management. Management and decision making. People and orgainisations.
Information systems and models. Information systems in functional business areas.
Information management case studies.
Technical Components and Applications of Information Systems. Technical foundation
of information systems; hardware, software, databases, networks. Technical
applications of information systems; transaction processing systems, management
reporting systems, decision support systems, knowledge-based systems. Case
Practical Aspects of Information Systems. Building management information systems.
The system development life cycle. Strategy, specifying requirements, design,
acquisition, development, implementation. Case studies.
Quantitative Methods for Management
This course will cover selected topics from the following material. Statistical Analysis.
Introduction to probability and statistics, binomial, Poisson, normal and other
probability distribution; significance tests, estimation, regression and correlation, time
series. Multivariate statistics for marketing; multiple regression; discriminant
analysis, conjoint analysis, Analytic Hierarchy Process.
Optimisation: Operations Analysis and Optimisation: Classical optimization
techniques, search techniques, gradient methods, linear programming, non-linear
programming, dynamic programming.
Decision Analysis. Issues of structure, uncertainty and value in decision. Modeling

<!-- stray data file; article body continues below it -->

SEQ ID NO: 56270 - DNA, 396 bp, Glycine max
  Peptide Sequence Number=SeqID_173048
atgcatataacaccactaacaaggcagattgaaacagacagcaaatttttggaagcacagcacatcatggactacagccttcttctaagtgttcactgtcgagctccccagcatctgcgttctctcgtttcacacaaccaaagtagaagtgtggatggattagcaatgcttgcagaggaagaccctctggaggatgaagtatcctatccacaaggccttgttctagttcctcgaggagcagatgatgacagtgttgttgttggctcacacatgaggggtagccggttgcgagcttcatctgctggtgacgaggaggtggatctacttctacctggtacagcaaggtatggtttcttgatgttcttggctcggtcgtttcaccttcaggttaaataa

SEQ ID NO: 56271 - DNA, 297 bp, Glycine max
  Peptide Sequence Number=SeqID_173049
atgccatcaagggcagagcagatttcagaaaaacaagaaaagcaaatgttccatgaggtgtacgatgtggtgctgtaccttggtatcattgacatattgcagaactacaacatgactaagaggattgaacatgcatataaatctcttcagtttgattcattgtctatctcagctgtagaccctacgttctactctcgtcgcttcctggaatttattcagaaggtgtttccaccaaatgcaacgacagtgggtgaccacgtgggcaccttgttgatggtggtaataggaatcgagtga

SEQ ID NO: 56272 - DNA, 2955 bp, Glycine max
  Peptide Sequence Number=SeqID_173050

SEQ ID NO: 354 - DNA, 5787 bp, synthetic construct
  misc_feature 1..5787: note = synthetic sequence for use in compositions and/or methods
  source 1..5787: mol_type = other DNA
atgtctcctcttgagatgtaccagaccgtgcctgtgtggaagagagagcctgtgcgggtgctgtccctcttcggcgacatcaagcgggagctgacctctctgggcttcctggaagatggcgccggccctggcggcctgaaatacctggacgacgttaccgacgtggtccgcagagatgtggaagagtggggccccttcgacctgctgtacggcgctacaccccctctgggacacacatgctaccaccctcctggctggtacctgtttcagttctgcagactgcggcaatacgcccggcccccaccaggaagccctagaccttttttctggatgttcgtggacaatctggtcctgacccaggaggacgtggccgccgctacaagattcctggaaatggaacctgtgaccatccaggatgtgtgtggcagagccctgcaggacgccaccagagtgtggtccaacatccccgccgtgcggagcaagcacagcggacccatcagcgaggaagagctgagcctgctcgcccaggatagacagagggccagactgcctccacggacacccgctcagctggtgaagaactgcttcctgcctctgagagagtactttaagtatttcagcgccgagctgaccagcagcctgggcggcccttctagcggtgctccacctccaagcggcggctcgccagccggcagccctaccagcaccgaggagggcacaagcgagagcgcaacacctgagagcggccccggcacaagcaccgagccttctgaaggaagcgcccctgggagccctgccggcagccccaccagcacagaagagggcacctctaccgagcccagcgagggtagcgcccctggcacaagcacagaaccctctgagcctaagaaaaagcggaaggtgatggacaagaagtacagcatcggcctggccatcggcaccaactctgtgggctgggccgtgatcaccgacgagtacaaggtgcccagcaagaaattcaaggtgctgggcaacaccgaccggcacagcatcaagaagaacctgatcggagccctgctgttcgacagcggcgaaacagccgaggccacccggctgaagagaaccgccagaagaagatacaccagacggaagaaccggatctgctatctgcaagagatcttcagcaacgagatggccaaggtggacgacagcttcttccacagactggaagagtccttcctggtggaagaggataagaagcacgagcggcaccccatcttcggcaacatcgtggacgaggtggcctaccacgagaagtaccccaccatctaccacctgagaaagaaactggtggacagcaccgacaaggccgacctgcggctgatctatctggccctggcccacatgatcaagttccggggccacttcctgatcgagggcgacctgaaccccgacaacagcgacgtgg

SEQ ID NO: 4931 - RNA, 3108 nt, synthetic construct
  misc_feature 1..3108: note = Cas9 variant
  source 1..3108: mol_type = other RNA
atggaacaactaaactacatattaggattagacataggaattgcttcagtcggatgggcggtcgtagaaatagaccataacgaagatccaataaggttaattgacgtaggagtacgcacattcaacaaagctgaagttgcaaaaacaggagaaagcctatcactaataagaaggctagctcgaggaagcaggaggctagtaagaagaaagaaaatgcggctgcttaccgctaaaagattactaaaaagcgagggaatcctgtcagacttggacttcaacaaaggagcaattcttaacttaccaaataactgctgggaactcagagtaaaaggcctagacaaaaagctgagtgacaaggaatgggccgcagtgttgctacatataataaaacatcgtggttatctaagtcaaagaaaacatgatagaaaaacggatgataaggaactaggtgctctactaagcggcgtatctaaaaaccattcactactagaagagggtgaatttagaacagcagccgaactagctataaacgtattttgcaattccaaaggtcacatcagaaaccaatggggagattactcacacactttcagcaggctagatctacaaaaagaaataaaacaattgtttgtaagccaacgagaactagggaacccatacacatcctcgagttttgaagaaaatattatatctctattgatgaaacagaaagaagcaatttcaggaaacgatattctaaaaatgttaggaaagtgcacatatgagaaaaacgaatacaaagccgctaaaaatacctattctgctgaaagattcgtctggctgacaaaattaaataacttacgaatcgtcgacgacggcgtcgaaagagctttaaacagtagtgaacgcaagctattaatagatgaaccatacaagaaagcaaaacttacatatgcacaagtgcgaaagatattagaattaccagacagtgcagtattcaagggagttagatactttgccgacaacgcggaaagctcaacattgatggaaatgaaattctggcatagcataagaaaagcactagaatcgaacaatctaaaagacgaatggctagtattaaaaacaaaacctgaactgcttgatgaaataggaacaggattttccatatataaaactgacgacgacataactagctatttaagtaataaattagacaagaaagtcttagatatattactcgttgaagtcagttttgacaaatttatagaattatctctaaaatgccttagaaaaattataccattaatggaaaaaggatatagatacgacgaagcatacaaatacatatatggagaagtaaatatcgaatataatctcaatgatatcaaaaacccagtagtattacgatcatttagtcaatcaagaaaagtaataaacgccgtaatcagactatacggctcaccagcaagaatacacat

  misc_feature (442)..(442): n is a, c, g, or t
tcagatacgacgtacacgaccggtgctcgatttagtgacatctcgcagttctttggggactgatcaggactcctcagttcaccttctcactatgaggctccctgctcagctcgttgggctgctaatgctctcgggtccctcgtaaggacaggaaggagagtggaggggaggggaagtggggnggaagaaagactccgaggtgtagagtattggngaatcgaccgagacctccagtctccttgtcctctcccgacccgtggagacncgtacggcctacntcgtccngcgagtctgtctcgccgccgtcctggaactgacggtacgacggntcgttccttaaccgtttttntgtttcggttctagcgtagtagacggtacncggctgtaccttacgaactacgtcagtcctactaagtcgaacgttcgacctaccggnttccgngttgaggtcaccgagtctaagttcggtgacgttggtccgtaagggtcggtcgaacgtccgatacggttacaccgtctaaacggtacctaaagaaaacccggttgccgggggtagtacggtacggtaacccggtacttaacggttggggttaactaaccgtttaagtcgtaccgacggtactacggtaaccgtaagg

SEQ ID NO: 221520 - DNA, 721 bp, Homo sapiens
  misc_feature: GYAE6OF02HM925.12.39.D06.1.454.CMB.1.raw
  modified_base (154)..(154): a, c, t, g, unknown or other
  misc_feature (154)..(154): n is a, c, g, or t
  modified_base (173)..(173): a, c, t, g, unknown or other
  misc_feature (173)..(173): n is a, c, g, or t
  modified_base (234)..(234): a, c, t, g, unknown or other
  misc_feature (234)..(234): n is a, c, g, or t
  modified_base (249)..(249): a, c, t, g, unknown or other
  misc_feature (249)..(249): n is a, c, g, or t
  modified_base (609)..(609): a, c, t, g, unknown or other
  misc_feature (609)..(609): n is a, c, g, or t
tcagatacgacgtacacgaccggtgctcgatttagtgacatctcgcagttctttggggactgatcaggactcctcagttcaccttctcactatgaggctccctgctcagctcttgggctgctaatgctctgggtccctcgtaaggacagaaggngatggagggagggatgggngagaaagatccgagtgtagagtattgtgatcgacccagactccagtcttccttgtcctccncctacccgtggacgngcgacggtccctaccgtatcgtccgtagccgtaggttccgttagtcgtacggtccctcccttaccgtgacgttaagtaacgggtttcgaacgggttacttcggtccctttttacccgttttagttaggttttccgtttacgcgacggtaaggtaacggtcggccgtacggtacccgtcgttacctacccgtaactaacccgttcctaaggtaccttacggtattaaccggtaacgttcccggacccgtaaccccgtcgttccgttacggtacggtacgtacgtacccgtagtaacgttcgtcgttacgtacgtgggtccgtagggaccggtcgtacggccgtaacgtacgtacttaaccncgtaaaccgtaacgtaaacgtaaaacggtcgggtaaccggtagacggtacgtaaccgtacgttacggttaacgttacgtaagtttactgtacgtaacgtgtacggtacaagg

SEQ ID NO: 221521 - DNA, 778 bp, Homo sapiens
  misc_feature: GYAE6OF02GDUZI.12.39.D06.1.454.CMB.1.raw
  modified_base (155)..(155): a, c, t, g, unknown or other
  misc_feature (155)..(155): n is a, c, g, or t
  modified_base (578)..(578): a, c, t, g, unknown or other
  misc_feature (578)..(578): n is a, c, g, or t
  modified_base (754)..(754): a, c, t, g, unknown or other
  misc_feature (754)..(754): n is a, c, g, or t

structure; probability and utility assessment; behavioural issues in judgment and
decision making. Multi-attribute decision problems. Group decision-making. Decision
support products. Computer-based support for planning techniques.
Supply Network Strategy
Operations strategy, service operation, productivity and performance, network
capacity planning, total quality management, strategic supply networks, lean
production and supply, time based competition, benchmarking and improvement,
Intellectual Asset Management
Innovation and intellectual assets, technology acquisition strategies, information and
knowledge management, technology assessment valuation, intellectual property,
licensing and technology transfer, contractual issues in funding and development,
product liability and standards.
Development Planning and Productivity
Productivity in innovation; models and metrics; policies and processes to enhance
quality, cost and time to market. Product policy: variety and replacement rate; use of
the family concept – platforms and generational change; product evolution and
technology embodiment scheduling (product-technology road mapping)
Integrating business, product, technology and aggregate development project plans.
Development Portfolio Management
Building and managing a portfolio and pipeline of development projects that fit
strategically, balance risks and generate desired cast flows. Stage-gate and other